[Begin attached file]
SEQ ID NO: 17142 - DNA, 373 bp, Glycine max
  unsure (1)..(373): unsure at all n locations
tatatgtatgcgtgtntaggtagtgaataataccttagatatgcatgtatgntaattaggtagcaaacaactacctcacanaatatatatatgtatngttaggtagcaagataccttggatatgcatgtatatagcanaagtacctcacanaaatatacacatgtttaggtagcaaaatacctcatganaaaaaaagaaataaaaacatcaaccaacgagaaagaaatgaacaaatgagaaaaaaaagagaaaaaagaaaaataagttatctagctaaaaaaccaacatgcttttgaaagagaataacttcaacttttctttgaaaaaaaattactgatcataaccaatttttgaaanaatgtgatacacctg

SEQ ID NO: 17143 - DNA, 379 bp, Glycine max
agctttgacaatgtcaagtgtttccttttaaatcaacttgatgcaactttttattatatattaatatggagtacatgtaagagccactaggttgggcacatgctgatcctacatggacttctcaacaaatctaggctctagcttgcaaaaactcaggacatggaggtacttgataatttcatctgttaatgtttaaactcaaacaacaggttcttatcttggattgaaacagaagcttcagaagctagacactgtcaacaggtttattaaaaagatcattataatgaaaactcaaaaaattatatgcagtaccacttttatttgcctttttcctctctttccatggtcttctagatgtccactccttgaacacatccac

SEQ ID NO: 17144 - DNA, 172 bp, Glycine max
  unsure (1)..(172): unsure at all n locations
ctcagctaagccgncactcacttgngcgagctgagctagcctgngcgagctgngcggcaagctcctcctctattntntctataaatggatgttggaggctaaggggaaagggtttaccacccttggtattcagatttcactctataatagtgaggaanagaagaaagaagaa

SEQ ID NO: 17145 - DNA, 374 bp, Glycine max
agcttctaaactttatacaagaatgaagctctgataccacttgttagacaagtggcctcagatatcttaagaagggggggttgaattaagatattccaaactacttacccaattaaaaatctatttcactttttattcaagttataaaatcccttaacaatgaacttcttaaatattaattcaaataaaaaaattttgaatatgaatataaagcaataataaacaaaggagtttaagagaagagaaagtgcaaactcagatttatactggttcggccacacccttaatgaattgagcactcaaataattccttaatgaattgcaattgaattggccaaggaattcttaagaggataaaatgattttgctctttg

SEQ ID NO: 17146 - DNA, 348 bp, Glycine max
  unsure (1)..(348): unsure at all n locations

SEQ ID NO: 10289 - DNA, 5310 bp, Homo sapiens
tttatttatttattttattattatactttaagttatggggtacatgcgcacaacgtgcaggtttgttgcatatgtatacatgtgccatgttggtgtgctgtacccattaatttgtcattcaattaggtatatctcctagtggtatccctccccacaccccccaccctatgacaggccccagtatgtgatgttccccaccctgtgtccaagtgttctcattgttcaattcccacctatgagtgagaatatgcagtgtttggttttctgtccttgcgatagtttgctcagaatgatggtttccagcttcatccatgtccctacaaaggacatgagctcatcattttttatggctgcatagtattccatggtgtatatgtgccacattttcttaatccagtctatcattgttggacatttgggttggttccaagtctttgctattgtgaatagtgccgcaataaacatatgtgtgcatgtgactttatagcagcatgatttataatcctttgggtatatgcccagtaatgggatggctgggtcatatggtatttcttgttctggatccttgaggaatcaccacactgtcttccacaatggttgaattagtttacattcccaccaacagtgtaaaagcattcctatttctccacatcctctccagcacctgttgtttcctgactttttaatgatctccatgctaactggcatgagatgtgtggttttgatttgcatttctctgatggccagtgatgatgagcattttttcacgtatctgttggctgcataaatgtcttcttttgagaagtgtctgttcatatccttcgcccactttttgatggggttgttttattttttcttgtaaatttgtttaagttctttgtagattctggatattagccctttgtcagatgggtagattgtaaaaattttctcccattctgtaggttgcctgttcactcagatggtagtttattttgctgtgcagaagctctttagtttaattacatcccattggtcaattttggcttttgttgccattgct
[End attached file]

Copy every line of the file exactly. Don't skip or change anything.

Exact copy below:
SEQ ID NO: 17142 - DNA, 373 bp, Glycine max
  unsure (1)..(373): unsure at all n locations
tatatgtatgcgtgtntaggtagtgaataataccttagatatgcatgtatgntaattaggtagcaaacaactacctcacanaatatatatatgtatngttaggtagcaagataccttggatatgcatgtatatagcanaagtacctcacanaaatatacacatgtttaggtagcaaaatacctcatganaaaaaaagaaataaaaacatcaaccaacgagaaagaaatgaacaaatgagaaaaaaaagagaaaaaagaaaaataagttatctagctaaaaaaccaacatgcttttgaaagagaataacttcaacttttctttgaaaaaaaattactgatcataaccaatttttgaaanaatgtgatacacctg

SEQ ID NO: 17143 - DNA, 379 bp, Glycine max
agctttgacaatgtcaagtgtttccttttaaatcaacttgatgcaactttttattatatattaatatggagtacatgtaagagccactaggttgggcacatgctgatcctacatggacttctcaacaaatctaggctctagcttgcaaaaactcaggacatggaggtacttgataatttcatctgttaatgtttaaactcaaacaacaggttcttatcttggattgaaacagaagcttcagaagctagacactgtcaacaggtttattaaaaagatcattataatgaaaactcaaaaaattatatgcagtaccacttttatttgcctttttcctctctttccatggtcttctagatgtccactccttgaacacatccac

SEQ ID NO: 17144 - DNA, 172 bp, Glycine max
  unsure (1)..(172): unsure at all n locations
ctcagctaagccgncactcacttgngcgagctgagctagcctgngcgagctgngcggcaagctcctcctctattntntctataaatggatgttggaggctaaggggaaagggtttaccacccttggtattcagatttcactctataatagtgaggaanagaagaaagaagaa

SEQ ID NO: 17145 - DNA, 374 bp, Glycine max
agcttctaaactttatacaagaatgaagctctgataccacttgttagacaagtggcctcagatatcttaagaagggggggttgaattaagatattccaaactacttacccaattaaaaatctatttcactttttattcaagttataaaatcccttaacaatgaacttcttaaatattaattcaaataaaaaaattttgaatatgaatataaagcaataataaacaaaggagtttaagagaagagaaagtgcaaactcagatttatactggttcggccacacccttaatgaattgagcactcaaataattccttaatgaattgcaattgaattggccaaggaattcttaagaggataaaatgattttgctctttg

SEQ ID NO: 17146 - DNA, 348 bp, Glycine max
  unsure (1)..(348): unsure at all n locations

SEQ ID NO: 10289 - DNA, 5310 bp, Homo sapiens
tttatttatttattttattattatactttaagttatggggtacatgcgcacaacgtgcaggtttgttgcatatgtatacatgtgccatgttggtgtgctgtacccattaatttgtcattcaattaggtatatctcctagtggtatccctccccacaccccccaccctatgacaggccccagtatgtgatgttccccaccctgtgtccaagtgttctcattgttcaattcccacctatgagtgagaatatgcagtgtttggttttctgtccttgcgatagtttgctcagaatgatggtttccagcttcatccatgtccctacaaaggacatgagctcatcattttttatggctgcatagtattccatggtgtatatgtgccacattttcttaatccagtctatcattgttggacatttgggttggttccaagtctttgctattgtgaatagtgccgcaataaacatatgtgtgcatgtgactttatagcagcatgatttataatcctttgggtatatgcccagtaatgggatggctgggtcatatggtatttcttgttctggatccttgaggaatcaccacactgtcttccacaatggttgaattagtttacattcccaccaacagtgtaaaagcattcctatttctccacatcctctccagcacctgttgtttcctgactttttaatgatctccatgctaactggcatgagatgtgtggttttgatttgcatttctctgatggccagtgatgatgagcattttttcacgtatctgttggctgcataaatgtcttcttttgagaagtgtctgttcatatccttcgcccactttttgatggggttgttttattttttcttgtaaatttgtttaagttctttgtagattctggatattagccctttgtcagatgggtagattgtaaaaattttctcccattctgtaggttgcctgttcactcagatggtagtttattttgctgtgcagaagctctttagtttaattacatcccattggtcaattttggcttttgttgccattgct